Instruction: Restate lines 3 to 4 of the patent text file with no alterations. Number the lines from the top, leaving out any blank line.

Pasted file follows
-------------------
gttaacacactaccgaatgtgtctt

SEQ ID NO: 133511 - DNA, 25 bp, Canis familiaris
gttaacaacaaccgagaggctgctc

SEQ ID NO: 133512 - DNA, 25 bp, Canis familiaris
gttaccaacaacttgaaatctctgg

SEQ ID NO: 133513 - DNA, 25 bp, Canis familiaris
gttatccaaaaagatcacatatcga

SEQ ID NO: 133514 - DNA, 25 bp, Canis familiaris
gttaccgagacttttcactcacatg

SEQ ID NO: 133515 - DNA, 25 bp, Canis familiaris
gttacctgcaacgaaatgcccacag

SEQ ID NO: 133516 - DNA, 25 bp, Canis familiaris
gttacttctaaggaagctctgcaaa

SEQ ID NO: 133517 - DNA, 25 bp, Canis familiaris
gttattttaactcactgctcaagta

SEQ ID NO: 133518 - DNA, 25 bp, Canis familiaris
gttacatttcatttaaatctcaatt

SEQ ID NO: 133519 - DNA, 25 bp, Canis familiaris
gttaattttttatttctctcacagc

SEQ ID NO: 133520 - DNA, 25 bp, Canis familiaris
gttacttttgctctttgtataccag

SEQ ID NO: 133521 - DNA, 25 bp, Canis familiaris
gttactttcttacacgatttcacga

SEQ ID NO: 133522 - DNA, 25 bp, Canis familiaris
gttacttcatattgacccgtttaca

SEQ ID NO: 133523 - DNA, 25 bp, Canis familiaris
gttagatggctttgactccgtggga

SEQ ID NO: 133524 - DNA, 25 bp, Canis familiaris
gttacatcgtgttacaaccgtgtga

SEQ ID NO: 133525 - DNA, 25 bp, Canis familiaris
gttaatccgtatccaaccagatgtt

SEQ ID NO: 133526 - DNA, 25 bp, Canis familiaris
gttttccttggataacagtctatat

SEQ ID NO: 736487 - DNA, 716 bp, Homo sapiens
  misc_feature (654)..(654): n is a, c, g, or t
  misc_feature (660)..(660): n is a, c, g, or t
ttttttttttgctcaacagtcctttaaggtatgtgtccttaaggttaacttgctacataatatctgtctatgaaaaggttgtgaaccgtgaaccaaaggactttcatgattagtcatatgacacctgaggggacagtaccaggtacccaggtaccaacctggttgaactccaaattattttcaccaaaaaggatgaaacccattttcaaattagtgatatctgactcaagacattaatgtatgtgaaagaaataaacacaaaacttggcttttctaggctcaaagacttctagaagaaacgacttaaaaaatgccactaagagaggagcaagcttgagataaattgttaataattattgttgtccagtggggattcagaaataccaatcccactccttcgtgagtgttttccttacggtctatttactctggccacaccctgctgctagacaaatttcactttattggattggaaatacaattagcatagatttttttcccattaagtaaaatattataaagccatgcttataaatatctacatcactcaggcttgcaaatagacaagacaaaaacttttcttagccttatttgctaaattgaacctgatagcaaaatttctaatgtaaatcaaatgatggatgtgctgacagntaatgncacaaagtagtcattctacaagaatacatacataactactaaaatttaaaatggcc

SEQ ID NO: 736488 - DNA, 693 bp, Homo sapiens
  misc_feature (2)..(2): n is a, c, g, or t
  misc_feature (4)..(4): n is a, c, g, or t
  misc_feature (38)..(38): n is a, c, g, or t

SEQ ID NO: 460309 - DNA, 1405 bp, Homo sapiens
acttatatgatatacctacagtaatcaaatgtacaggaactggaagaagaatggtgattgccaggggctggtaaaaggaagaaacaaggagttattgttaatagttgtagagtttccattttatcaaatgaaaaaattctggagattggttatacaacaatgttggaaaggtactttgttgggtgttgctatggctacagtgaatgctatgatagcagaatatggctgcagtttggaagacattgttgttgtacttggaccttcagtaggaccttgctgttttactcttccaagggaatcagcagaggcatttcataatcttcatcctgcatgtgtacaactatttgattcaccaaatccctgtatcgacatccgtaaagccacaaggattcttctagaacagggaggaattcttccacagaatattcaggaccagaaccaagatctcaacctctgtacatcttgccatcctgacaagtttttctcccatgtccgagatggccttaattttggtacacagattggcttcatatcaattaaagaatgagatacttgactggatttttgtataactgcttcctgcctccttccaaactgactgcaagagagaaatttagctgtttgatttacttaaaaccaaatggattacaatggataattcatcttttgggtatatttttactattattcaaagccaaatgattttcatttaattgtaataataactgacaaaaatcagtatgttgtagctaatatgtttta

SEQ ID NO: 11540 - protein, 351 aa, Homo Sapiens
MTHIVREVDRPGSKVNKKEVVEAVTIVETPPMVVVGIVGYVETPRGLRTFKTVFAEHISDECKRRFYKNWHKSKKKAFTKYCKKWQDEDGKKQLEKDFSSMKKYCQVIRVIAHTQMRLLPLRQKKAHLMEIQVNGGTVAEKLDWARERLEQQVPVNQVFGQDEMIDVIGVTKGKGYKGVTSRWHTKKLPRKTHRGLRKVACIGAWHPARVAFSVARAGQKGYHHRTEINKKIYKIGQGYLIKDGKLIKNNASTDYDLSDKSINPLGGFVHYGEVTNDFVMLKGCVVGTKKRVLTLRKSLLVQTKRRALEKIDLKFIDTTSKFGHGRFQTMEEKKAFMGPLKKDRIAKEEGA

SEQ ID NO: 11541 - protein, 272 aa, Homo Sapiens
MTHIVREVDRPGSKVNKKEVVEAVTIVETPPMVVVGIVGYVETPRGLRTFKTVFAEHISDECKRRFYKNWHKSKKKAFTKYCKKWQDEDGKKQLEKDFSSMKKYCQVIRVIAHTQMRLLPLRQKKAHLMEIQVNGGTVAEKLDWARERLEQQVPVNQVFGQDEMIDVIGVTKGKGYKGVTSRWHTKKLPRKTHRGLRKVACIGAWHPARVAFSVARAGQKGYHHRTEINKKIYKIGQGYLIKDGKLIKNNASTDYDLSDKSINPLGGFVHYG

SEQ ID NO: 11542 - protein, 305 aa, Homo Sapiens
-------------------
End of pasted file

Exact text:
gttaacaacaaccgagaggctgctc

SEQ ID NO: 133512 - DNA, 25 bp, Canis familiaris